Why You May Want To Think Twice Before Eating Macadamia Nuts

Most of us have heard that nuts are a healthy snack, and grabbing a handful or two of our favorite high-protein nuts can be a great alternative to salt and fat laden chips or other less healthy treats. While there certainly is some truth to this, not all nuts are necessarily created equal. While macadamia nuts can provide a good deal of protein, vitamins, and antioxidants, eating too many can have some potential downsides. 

Macadamia nuts are a great source of protein, fiber, and heart-healthy monounsaturated fats, while also being low in sugar, according to Healthline. They also contain high amounts of the important health-boosting antioxidants flavonoids and tocotrienols, which play an important role in helping to protect against cell damage. They also contain many essential nutrients like manganese, thiamine, magnesium, iron, and vitamin B6. Studies have shown that regularly consuming the fiber and nutrients found in macadamia nuts can improve digestion, lower cholesterol, and help reduce the risk of heart disease, stroke, and inflammation. However, macadamia nuts are fairly high in calories, which makes them a less than ideal snack for dieters that are hoping to shed some pounds.

Macadamia nuts are high in calories and fat

According to Fitday, just one ounce of the nut contains about 200 calories, so it can be easy to accidentally consume quite a few calories in one sitting without even realizing it, particularly because the serving size is so small. One ounce is the equivalent of only about 10 to 12 nuts, which is far less than the average person is likely to eat in one sitting, according to Medical News Today. And that can definitely lead to accidental overeating, since just one cup of macadamia nuts contains close to 950 calories, which is around half of the average person's daily calorie needs.

These nuts also contain very high amounts of fat. While some monounsaturated fats can be a good addition to a healthy diet, a single one cup serving of macadamia nuts has a whopping 102 grams of total fat, including about 16 grams of saturated fat, which is 25 grams over the max average recommended daily intake of 77 grams (via Nutritionix and Cleveland Clinic).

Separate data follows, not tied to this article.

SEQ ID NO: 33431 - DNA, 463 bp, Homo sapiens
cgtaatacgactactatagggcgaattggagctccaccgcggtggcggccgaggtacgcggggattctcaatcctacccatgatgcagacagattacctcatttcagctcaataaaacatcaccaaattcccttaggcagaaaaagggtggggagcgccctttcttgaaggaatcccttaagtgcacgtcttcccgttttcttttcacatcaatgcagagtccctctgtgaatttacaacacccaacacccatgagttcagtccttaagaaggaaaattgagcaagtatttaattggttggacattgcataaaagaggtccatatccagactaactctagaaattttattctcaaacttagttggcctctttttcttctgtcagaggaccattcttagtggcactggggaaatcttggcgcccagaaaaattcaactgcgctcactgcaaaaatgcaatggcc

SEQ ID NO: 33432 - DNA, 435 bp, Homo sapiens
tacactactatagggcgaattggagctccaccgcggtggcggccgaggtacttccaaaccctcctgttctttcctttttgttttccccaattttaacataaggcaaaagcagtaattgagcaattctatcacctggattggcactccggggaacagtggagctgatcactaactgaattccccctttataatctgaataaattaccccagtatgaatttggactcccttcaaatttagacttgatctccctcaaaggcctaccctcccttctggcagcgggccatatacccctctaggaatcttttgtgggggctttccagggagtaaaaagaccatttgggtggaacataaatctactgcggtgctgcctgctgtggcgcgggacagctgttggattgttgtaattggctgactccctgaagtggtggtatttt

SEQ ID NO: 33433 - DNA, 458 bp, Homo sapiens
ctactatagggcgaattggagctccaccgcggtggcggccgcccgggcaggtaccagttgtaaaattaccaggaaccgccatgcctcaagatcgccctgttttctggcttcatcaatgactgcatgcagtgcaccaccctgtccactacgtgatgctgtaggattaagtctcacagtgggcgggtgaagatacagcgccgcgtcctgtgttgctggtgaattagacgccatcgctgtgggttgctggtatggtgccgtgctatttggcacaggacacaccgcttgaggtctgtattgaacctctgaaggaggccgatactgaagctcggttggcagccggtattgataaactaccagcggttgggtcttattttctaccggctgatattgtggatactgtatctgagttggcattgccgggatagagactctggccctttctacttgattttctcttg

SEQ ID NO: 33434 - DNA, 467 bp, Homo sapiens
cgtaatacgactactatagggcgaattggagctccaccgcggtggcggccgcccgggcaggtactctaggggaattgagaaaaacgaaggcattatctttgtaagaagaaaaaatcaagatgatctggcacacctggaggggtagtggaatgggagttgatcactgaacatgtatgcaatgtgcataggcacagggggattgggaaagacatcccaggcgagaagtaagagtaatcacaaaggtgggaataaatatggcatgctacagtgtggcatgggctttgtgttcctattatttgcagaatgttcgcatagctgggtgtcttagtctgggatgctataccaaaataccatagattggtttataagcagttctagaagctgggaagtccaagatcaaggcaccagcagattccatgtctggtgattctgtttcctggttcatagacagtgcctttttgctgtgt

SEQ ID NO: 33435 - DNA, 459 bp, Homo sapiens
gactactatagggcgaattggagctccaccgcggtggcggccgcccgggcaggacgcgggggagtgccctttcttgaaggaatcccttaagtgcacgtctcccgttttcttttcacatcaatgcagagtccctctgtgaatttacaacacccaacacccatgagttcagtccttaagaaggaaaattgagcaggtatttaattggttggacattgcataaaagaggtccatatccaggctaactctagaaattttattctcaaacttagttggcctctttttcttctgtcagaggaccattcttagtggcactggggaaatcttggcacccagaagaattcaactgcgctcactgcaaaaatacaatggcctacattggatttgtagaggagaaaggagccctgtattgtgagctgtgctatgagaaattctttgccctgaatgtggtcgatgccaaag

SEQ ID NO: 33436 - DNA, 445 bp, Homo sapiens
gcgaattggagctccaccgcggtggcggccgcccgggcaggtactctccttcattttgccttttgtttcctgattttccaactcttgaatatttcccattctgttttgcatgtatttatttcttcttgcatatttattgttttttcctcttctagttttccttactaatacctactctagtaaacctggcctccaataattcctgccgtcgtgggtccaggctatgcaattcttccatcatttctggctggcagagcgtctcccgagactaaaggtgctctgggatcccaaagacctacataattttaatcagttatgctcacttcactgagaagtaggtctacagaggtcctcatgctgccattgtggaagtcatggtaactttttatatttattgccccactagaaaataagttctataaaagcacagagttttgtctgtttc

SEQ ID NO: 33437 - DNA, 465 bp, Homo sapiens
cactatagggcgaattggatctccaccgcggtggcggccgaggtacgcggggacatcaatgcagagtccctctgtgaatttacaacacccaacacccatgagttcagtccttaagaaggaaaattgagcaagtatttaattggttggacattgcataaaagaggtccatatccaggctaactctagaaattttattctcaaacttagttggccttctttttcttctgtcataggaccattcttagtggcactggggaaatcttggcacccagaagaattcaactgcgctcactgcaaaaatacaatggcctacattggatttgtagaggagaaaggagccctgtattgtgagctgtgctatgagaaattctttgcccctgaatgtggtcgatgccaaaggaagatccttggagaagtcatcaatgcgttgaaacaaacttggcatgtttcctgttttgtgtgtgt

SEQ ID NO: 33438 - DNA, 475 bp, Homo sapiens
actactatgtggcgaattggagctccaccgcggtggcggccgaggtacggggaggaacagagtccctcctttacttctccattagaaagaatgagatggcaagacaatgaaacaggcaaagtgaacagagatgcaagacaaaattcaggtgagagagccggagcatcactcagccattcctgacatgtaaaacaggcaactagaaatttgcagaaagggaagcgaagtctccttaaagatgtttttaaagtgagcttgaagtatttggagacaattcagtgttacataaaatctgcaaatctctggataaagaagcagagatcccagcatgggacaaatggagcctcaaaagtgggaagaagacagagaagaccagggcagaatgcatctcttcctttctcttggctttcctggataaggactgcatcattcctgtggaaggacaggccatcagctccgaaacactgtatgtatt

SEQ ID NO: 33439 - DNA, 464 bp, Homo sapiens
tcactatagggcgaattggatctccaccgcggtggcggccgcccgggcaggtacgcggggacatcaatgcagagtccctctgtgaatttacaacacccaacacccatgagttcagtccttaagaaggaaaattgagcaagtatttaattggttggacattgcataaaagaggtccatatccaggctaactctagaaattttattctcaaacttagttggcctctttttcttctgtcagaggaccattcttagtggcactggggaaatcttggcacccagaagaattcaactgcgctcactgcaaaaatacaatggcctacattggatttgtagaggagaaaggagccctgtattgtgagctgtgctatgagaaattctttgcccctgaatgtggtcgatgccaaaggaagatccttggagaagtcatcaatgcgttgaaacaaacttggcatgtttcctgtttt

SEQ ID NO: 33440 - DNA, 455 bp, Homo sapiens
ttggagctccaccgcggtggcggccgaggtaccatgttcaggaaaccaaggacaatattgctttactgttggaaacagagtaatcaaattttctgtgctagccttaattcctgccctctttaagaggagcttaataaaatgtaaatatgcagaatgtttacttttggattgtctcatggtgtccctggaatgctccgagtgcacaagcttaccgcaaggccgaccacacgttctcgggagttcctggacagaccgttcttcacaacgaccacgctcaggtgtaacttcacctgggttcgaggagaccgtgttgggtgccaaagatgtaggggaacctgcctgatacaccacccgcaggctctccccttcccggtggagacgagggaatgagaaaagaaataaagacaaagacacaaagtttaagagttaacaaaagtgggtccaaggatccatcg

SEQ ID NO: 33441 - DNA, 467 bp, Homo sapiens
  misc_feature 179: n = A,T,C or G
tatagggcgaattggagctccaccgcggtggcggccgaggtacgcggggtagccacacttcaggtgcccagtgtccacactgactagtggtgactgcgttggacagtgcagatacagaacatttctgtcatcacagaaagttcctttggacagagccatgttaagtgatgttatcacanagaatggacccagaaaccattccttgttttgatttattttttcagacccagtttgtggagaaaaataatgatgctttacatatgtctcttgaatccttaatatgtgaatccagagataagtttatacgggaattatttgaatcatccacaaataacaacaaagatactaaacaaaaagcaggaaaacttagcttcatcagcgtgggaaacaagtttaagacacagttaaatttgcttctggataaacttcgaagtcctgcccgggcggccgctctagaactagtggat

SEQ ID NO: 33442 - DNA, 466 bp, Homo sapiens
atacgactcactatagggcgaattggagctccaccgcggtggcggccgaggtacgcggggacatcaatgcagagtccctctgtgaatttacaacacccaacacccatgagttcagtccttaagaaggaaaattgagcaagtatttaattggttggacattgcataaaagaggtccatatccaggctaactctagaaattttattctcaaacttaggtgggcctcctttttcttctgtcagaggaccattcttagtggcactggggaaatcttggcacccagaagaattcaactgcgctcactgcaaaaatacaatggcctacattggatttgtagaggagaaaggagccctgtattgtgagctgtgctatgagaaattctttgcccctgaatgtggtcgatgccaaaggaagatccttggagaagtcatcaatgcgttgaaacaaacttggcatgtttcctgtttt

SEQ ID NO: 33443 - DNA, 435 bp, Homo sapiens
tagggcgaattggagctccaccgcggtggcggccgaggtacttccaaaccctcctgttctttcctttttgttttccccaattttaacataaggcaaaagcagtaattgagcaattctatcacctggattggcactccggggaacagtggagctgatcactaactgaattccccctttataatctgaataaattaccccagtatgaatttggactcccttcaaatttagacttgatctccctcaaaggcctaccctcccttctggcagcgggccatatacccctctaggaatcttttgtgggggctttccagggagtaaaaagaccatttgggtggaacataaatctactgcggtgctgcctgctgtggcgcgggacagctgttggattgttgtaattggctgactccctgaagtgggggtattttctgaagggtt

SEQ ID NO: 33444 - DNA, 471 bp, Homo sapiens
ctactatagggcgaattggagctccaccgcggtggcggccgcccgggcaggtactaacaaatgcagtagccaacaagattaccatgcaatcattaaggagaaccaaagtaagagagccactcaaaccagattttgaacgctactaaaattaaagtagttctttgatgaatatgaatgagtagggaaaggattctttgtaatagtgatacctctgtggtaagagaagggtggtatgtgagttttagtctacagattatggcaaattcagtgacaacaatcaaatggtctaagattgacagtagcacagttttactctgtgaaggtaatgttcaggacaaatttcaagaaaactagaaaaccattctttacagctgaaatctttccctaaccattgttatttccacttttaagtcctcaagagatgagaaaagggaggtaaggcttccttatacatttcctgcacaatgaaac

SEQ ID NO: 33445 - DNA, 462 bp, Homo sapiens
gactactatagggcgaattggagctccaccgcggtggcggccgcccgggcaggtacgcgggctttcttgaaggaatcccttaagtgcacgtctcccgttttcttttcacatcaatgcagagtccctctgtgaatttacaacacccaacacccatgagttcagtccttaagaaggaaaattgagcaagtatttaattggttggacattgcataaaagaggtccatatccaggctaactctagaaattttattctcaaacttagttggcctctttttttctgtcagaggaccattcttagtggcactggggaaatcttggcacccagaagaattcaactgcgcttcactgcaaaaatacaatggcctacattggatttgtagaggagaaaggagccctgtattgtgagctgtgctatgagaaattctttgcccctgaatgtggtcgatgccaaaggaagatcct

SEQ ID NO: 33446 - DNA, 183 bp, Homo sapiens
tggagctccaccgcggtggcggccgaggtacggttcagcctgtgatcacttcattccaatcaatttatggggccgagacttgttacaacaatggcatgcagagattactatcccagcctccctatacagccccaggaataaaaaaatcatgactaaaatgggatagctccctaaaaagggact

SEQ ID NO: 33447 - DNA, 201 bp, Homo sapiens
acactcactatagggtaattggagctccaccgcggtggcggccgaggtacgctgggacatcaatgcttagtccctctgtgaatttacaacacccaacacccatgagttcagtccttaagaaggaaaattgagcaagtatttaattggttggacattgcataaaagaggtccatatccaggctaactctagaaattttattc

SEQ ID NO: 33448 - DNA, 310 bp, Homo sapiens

Some macadamia nuts contain high amounts of added sodium

Furthermore, some types of macadamia nuts may contain high amounts of salt, oil, and even sugar. Naturally, macadamia nuts are very low in sodium and sugar, with just 1.13 milligrams of salt and only about 1.2 grams of sugar per each one ounce serving, according to Very Well FitHowever, many brands of macadamia nuts are sold with extra toppings, which adds flavor but can send the sodium, sugar, and calorie content skyrocketing. Roasted macadamia nuts are often the worst culprits when it comes to sneaky additives. Additionally, roasting macadamia nuts at a high temperature may cause them to lose some of their nutritional value when compared to raw nuts, according to Medical News Today

So, not only are roasted macadamia nuts likely to contain even more calories, salt, and other additives, they may also provide lower amounts of the nutrients that help make the nuts a healthy snack. Individuals that are trying to be mindful of their calories, sugar or salt intake should take care to look at the labels and ensure they are purchasing natural nuts with no added ingredients, and perhaps they might do well to avoid roasted macadamia nuts entirely.

Macadamia nuts are a common food allergen

Macadamia nuts are also a type of tree nut, which means they are one of the more common allergies that people suffer from, according to Verywell Health. Macadamia nuts, as well as other tree nuts like almonds, cashews, and walnuts, are probably best to avoid if you plan on serving a large gathering or are having company and are unsure of every attendee's dietary restrictions. For some people with severe allergies, even touching foods that have been contaminated with the tree nuts or breathing the particles in the air can cause a reaction, so it is best to avoid them entirely in the company of those with food allergies (via Medical News Today).

When it comes to the wide variety of snack foods on the market, macadamia nuts are hardly the worst option for an afternoon pick-me-up. However, they aren't exactly a dieter's dream either thanks to their fairly high calorie and fat content, and the fact that they can pose a severe health risk for those that suffer from nut allergies. For the average person, a serving or two every once in a while isn't a bad idea, but when it comes to macadamia nuts, the best practice is probably to consume them in moderation.